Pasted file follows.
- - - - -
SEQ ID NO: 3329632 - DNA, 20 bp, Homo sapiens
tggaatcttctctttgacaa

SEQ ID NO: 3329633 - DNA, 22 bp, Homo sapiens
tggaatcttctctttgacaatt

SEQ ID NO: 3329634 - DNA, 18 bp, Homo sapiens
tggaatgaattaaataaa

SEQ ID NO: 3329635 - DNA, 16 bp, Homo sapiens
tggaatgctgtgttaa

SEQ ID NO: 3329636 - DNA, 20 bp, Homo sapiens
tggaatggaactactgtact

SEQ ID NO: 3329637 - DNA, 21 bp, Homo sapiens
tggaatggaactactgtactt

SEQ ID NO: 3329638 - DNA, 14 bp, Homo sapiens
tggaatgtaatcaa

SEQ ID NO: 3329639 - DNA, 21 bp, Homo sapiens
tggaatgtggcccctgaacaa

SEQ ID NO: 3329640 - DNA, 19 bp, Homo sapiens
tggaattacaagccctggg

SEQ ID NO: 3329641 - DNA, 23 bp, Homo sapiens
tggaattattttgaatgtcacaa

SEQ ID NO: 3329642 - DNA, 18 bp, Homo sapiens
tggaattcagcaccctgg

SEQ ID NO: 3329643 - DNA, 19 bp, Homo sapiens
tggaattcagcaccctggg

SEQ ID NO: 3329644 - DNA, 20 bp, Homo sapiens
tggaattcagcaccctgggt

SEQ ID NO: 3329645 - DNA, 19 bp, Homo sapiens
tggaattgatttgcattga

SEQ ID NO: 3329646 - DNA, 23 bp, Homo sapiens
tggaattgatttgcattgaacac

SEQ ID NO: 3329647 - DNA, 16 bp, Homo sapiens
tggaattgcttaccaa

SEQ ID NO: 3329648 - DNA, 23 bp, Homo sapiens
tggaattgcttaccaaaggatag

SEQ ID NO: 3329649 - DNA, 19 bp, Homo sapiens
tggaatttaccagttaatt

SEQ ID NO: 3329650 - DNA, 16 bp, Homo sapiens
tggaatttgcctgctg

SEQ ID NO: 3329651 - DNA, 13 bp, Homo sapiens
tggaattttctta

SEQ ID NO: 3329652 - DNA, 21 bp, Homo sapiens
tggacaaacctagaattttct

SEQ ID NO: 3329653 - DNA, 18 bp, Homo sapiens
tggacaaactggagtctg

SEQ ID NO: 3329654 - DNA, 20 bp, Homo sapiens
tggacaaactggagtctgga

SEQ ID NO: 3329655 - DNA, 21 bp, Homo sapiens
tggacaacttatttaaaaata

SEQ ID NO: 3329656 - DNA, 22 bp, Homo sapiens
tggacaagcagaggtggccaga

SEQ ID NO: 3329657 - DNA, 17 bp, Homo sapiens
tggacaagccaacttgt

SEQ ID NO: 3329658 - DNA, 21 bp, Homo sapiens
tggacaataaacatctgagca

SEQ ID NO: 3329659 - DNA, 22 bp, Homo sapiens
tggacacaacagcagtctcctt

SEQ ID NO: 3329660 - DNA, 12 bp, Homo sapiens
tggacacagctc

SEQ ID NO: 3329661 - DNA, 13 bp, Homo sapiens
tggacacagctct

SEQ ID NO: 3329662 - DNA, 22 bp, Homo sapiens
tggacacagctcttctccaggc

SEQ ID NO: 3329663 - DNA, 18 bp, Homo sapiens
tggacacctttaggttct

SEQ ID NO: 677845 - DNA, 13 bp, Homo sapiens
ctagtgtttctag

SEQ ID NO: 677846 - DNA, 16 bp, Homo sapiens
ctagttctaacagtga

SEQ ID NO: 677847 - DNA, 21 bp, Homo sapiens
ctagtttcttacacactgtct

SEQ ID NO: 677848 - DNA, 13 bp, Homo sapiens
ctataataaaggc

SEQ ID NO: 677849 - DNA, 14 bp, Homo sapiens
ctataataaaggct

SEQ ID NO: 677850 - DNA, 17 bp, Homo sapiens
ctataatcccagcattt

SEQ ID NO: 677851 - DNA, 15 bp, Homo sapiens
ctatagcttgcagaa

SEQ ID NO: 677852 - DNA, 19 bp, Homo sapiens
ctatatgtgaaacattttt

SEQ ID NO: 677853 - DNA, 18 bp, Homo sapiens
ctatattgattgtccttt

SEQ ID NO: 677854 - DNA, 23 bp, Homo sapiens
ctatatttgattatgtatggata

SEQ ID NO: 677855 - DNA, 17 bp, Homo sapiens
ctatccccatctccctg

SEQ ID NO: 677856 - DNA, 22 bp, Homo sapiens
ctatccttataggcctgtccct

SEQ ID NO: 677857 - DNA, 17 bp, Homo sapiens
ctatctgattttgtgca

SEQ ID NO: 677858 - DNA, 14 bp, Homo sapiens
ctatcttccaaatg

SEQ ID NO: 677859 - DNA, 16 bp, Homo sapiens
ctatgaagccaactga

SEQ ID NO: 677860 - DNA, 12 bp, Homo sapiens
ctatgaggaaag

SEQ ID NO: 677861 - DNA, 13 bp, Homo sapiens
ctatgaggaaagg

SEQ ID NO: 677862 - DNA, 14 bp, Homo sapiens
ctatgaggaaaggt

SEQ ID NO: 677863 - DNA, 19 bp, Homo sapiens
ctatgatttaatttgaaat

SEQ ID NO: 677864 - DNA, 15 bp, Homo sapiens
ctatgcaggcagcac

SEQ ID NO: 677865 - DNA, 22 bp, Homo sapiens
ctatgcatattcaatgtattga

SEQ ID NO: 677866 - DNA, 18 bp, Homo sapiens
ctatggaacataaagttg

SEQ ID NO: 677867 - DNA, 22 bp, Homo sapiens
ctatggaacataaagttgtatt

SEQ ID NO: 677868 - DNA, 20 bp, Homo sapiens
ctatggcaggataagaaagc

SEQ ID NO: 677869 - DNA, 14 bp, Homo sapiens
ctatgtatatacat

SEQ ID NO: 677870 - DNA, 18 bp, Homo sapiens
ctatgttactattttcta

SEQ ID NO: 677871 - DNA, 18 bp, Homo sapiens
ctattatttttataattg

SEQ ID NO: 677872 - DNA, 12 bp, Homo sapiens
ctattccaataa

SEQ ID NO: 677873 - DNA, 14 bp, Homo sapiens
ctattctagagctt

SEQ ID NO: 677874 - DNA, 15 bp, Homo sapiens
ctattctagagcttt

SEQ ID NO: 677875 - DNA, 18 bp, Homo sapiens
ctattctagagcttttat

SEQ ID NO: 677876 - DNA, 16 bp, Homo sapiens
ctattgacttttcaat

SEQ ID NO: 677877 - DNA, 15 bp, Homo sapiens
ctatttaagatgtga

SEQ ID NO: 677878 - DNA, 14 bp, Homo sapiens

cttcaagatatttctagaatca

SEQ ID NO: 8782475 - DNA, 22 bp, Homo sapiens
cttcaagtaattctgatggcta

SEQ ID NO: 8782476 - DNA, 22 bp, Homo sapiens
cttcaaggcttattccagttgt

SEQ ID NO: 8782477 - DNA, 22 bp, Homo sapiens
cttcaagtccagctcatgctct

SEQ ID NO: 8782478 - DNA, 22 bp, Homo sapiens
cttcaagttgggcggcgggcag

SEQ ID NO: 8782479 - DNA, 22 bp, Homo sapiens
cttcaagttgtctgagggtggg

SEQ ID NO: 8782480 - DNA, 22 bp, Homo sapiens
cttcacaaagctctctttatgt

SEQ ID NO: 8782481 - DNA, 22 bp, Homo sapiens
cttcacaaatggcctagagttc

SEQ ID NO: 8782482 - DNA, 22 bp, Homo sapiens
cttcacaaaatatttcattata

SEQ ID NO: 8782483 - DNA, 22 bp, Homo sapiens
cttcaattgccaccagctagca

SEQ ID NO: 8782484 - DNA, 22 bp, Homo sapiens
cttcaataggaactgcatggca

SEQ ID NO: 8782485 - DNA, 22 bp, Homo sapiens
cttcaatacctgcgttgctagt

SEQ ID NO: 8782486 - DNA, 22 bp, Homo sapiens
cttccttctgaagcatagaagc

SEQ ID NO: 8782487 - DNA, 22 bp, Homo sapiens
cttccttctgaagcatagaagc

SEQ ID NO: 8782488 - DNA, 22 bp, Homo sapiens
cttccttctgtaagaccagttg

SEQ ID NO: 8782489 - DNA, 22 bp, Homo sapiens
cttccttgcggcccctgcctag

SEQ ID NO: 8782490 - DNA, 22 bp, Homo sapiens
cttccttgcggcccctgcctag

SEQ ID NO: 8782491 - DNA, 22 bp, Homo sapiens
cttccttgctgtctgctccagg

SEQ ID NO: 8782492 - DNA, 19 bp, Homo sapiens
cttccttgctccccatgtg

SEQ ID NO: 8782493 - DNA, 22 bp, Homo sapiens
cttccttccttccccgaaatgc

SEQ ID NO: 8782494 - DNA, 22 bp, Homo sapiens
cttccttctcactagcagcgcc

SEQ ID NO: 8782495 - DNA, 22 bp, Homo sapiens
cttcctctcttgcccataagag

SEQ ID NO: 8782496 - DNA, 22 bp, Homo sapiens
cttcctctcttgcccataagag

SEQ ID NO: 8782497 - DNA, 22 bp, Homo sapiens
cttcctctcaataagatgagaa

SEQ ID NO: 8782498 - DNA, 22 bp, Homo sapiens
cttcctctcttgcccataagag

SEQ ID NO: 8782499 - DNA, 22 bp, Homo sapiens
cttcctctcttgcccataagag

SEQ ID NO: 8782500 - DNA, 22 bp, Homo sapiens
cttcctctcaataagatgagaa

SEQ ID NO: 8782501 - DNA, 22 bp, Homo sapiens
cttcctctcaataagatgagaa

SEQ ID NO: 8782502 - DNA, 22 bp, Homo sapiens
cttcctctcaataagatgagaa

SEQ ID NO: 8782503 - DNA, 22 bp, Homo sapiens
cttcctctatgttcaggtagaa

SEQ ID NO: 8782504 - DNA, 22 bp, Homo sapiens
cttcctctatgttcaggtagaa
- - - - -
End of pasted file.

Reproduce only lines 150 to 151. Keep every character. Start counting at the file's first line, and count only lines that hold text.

cttcaattgccaccagctagca

SEQ ID NO: 8782484 - DNA, 22 bp, Homo sapiens